The Affairs of the Army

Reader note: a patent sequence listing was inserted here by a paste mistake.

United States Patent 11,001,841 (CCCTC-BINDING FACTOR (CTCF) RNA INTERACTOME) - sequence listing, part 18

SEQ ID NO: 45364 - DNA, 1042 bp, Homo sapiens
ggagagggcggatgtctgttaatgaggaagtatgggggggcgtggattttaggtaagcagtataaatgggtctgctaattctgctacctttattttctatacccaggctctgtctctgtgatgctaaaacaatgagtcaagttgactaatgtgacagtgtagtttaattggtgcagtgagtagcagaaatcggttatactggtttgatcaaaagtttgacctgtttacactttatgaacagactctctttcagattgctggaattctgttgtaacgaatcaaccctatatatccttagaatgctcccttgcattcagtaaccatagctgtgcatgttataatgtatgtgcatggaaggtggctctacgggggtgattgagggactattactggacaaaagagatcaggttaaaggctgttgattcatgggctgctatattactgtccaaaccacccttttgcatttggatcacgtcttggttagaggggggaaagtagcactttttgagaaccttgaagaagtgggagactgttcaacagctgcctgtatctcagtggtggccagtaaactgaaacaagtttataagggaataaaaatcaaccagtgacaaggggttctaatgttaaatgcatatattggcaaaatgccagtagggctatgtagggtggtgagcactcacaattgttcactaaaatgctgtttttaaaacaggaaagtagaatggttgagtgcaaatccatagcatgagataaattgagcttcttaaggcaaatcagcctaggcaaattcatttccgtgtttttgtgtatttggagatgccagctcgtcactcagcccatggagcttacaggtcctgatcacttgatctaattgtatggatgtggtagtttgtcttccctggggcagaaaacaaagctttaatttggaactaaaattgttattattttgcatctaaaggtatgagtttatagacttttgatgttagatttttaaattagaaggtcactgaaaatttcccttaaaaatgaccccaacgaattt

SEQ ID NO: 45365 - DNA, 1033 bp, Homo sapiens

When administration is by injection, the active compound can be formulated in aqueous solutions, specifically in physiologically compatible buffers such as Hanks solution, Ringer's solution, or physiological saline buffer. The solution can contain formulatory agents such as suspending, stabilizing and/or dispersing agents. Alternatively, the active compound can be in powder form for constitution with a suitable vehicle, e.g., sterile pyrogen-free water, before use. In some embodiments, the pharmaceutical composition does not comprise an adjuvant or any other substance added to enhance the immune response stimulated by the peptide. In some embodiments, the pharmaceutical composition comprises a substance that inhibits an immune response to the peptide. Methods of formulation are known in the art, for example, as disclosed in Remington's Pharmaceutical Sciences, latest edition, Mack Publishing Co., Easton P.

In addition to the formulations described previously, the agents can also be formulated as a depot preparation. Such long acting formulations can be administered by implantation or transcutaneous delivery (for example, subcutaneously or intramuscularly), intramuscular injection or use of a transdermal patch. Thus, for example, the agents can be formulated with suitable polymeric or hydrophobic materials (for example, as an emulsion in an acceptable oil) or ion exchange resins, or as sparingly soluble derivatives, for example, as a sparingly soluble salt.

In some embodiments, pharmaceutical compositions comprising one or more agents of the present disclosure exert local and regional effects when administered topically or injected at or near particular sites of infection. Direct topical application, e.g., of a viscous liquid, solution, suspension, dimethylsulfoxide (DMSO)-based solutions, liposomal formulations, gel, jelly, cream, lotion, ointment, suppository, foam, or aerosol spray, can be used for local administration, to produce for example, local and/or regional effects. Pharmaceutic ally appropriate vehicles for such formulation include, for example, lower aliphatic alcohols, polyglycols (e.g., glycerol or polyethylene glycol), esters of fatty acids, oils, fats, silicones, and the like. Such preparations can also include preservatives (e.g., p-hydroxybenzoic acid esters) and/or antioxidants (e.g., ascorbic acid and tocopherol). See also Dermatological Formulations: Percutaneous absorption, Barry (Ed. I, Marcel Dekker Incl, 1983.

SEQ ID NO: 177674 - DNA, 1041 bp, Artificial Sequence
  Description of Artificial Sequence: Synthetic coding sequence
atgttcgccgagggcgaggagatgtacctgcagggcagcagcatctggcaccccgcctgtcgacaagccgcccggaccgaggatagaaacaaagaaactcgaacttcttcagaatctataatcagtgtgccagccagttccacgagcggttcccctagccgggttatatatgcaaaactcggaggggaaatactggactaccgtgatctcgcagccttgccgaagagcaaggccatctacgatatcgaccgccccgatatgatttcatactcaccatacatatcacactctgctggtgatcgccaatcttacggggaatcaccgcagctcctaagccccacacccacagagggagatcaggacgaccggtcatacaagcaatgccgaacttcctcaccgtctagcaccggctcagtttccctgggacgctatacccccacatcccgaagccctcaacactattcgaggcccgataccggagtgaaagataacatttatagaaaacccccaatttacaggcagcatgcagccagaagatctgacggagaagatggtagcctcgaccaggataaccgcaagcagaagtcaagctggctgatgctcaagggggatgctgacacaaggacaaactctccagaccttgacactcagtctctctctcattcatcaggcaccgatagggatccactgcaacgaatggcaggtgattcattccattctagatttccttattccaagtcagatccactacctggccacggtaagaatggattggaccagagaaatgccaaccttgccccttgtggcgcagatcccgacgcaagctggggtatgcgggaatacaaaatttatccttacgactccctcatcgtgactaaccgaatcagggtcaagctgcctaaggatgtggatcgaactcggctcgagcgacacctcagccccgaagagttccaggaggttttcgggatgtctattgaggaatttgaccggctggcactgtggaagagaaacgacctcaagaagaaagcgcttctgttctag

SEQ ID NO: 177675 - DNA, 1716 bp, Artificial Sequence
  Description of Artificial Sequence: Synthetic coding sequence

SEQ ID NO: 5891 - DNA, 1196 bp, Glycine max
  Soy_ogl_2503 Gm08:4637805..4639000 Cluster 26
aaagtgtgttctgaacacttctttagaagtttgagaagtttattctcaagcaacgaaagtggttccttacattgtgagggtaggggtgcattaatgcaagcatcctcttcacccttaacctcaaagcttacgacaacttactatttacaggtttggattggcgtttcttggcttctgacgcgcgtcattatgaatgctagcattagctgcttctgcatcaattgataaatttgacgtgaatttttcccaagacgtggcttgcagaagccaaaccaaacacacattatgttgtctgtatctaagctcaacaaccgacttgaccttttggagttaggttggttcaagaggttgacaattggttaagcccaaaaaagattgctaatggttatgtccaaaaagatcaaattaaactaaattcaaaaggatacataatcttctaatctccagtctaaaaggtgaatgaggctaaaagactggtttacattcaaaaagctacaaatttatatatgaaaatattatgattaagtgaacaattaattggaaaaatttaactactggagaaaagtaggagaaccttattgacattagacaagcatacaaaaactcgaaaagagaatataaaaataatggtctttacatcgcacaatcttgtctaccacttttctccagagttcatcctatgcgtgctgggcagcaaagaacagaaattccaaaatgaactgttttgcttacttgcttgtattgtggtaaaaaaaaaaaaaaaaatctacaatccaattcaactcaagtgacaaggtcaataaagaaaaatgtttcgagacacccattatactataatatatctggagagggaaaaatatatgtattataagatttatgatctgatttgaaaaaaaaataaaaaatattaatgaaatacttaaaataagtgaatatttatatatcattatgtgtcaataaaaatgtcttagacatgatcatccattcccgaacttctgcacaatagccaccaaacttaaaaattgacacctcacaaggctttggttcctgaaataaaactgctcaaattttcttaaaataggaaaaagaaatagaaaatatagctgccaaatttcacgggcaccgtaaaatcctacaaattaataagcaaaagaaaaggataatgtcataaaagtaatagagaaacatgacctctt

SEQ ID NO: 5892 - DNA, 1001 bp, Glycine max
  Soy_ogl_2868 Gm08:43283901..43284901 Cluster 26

Mr. Head, one of the ablest Secretaries of State for War we have had for a long time, gave an encouraging account of the British Army when he presented to the House of COMITIOns 'Estimates totalling £526 millions. Nobody questioned his asser- tion that it was the best army we have ever raised in peace- time; it comprises the equivalent of eleven and one-third regular divisions, with a reasonably well-found reserve of ten more. All the regular fighting formations are overseas. Mr. Head spoke frankly of his anxieties : lack of married quarters, bad barracks, discouraging-figures for recruitments and re-engage- ments, the failure to obtain the necessary measure of inter- allied agreement on the calibre of a new semi-automatic rifle, whose lack is probably the severest single handicap from which the Army suffers. In other directions the situation regarding weapons and equipment is good. The new heavy gun tank, he revealed, will soon be having its user trials and is probably the most powerful engine of its kind in the world. A certain amount of controversy surrounds this latest development in the field-of armour. The new tanks, a regiment of which will be allocated to each infantry and armoured division, are admirably equipped for their primary role, which is to destroy other tanks; but their sheer bulk limits their manoeuvrability and, though they are attended by bull-dozers which will help to dig them in, their concealment presents almost insuperable problems.